The first pro fight was unarguably the fight of the night. For the first two rounds, Tony Dabbondanza and Mahmoud Mohagheghrashid went constantly back and forth at each other. Mohagheghrashid would find ways to take Dabbondanza down, either with judo throws or straight double leg takedowns, but whenever he did he was not able to maintain his opponent down for long. There were multiple exchanges pressed up against the cage, where both fighters exchanged knees to each other’s mid-section. At some point in the second round Dabbondanza landed an elbow that opened up Mohagheghrashid’s forehead. By the middle of the third round, the now bloodied Mohagheghrashid again found a way to land a takedown, but this time Dabbondanza took advantage of his position and ended the fight by landing a triangle choke.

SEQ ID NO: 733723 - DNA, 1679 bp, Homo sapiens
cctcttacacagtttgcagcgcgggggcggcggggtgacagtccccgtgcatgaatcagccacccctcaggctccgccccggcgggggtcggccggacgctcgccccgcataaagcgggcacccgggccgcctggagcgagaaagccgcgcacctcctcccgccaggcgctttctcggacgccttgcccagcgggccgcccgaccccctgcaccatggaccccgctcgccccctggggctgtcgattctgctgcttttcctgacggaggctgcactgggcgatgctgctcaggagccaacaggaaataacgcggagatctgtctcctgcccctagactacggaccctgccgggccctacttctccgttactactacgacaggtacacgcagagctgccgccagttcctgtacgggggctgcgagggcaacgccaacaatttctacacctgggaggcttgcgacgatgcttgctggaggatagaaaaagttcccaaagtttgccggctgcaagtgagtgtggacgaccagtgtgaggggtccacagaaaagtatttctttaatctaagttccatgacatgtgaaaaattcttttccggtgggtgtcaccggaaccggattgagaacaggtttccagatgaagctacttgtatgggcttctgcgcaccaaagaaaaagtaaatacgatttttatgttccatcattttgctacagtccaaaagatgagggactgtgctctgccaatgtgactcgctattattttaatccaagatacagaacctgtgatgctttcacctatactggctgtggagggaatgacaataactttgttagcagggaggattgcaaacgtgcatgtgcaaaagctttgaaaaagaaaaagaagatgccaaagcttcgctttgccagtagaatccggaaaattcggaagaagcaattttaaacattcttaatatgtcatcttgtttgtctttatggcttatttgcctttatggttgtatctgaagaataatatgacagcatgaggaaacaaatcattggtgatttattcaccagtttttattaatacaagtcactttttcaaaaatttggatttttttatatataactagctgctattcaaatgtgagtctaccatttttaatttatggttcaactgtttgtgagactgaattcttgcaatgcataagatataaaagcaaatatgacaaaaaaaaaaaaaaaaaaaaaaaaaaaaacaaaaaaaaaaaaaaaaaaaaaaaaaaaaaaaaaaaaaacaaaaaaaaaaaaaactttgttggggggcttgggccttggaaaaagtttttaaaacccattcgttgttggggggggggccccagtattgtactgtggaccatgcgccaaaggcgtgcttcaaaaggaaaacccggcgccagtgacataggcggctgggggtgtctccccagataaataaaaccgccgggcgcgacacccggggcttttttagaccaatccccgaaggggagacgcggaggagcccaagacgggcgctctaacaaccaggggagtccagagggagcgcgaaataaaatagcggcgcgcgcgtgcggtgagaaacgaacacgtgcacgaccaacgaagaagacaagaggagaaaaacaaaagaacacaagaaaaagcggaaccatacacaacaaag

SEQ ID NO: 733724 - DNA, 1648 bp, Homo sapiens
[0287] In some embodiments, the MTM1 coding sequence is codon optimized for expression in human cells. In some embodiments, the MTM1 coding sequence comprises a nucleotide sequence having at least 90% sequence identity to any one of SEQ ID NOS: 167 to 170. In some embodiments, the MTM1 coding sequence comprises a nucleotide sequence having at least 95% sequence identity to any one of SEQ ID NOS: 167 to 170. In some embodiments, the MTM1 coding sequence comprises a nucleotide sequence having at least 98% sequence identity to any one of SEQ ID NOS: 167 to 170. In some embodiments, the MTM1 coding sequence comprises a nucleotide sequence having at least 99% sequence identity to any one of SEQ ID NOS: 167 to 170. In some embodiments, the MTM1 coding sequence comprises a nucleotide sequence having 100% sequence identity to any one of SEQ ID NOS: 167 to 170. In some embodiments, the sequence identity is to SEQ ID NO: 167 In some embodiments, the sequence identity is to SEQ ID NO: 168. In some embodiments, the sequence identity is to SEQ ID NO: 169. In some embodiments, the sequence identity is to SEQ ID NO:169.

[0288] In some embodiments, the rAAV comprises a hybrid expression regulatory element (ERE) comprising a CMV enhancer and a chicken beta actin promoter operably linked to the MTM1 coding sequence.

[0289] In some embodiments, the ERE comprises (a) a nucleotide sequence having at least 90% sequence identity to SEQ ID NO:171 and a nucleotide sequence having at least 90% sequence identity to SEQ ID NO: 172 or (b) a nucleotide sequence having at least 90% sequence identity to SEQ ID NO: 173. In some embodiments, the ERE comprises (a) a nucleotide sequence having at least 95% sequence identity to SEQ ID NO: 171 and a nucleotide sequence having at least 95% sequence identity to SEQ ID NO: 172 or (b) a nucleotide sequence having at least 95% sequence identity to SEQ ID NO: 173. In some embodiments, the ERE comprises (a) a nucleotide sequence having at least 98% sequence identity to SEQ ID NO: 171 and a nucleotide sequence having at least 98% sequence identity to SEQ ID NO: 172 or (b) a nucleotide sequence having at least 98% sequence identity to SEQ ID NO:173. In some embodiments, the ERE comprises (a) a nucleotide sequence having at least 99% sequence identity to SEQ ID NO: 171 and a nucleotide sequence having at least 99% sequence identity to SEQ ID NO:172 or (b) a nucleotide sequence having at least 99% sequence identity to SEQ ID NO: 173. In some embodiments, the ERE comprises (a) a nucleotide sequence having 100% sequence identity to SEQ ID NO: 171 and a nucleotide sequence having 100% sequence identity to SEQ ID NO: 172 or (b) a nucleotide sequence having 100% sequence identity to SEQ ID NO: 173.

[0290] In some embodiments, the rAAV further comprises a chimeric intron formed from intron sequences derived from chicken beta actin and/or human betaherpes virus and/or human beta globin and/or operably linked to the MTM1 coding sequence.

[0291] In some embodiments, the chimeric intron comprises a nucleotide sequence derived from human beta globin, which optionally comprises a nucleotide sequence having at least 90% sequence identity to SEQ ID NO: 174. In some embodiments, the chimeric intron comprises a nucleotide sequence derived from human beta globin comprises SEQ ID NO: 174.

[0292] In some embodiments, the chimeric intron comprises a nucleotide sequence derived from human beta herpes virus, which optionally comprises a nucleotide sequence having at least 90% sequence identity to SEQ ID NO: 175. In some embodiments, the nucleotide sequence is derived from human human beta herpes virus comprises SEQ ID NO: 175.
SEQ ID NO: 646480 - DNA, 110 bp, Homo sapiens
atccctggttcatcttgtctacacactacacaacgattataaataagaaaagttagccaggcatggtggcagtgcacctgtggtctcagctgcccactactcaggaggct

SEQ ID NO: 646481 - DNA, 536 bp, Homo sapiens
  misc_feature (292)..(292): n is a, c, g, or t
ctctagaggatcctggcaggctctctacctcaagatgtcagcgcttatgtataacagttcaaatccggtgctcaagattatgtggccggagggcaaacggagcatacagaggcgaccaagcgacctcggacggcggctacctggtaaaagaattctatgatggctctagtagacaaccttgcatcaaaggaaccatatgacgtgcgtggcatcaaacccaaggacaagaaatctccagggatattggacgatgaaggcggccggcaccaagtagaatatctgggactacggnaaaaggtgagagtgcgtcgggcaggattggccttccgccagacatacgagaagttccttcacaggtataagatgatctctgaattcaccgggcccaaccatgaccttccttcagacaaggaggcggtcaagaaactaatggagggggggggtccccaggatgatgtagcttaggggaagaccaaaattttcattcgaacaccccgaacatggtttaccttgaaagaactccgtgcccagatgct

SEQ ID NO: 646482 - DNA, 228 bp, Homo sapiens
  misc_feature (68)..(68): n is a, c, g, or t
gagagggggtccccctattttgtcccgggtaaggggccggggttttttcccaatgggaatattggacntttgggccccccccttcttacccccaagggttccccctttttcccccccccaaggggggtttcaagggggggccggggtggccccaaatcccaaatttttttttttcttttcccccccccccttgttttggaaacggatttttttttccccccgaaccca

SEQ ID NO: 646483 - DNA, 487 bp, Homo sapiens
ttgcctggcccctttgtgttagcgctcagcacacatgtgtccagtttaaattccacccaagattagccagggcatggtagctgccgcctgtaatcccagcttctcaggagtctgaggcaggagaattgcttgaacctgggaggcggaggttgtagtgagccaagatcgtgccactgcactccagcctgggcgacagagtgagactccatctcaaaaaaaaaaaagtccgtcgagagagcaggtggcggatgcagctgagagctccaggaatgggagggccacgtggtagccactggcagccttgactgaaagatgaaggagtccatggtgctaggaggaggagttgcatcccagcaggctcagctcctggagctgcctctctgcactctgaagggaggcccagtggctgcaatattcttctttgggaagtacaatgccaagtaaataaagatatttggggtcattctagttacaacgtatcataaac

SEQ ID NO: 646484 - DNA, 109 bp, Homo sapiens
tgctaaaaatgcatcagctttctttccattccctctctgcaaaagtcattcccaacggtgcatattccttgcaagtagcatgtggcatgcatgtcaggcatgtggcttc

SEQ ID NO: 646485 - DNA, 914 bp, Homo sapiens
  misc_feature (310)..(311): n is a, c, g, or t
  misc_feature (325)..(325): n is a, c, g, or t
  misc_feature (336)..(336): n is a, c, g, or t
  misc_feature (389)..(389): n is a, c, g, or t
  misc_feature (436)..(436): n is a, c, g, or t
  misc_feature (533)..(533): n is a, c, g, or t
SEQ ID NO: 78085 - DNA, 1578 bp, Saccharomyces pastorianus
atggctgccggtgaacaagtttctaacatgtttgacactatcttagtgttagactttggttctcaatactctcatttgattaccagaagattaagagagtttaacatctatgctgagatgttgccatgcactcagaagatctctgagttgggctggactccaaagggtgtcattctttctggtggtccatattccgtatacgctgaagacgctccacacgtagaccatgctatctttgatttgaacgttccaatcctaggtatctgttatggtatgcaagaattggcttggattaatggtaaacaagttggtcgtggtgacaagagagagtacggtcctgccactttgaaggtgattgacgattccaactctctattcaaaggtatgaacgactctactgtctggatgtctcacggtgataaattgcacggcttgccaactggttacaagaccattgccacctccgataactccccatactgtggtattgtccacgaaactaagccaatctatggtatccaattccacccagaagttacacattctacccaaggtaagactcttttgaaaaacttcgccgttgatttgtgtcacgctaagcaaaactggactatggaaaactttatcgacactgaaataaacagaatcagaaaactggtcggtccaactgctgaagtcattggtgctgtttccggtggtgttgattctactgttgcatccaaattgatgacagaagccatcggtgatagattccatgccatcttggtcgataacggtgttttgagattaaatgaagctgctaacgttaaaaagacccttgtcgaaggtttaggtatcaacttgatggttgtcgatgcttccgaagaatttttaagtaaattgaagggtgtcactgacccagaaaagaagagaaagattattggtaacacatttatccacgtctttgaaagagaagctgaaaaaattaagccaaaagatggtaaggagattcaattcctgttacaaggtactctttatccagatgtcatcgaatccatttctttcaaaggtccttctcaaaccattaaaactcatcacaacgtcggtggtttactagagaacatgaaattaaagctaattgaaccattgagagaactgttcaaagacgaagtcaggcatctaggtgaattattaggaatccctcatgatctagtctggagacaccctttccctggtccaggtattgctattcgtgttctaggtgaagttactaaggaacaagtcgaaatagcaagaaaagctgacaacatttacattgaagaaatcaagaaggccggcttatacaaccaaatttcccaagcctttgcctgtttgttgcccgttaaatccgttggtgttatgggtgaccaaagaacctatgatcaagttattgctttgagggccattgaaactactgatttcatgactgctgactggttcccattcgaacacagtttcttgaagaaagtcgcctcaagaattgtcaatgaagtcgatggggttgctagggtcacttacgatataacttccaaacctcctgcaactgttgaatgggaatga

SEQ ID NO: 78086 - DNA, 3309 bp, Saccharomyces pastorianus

The most perplexing fight of the night was the contest between Kenny Gaudreau and Matt Ott. The whole fight happened in a blink of an eye. The bell rung and both fighters clinched immediately in the middle of the cage. Gaudreau attempted a trip throw, but landed on his back with Ott in side control. Within five or six seconds Gaudreau managed to partially sweep Ott, grab hold of a head in arm choke from the back and submit him. It happened so quickly that when the referee stopped the action I actually thought Ott had won, since at the time of the stoppage he was partially in top position. The next thing I know, Ott left the cage and Gaudreau was there celebrating with his cornermen as he was being declared the victor.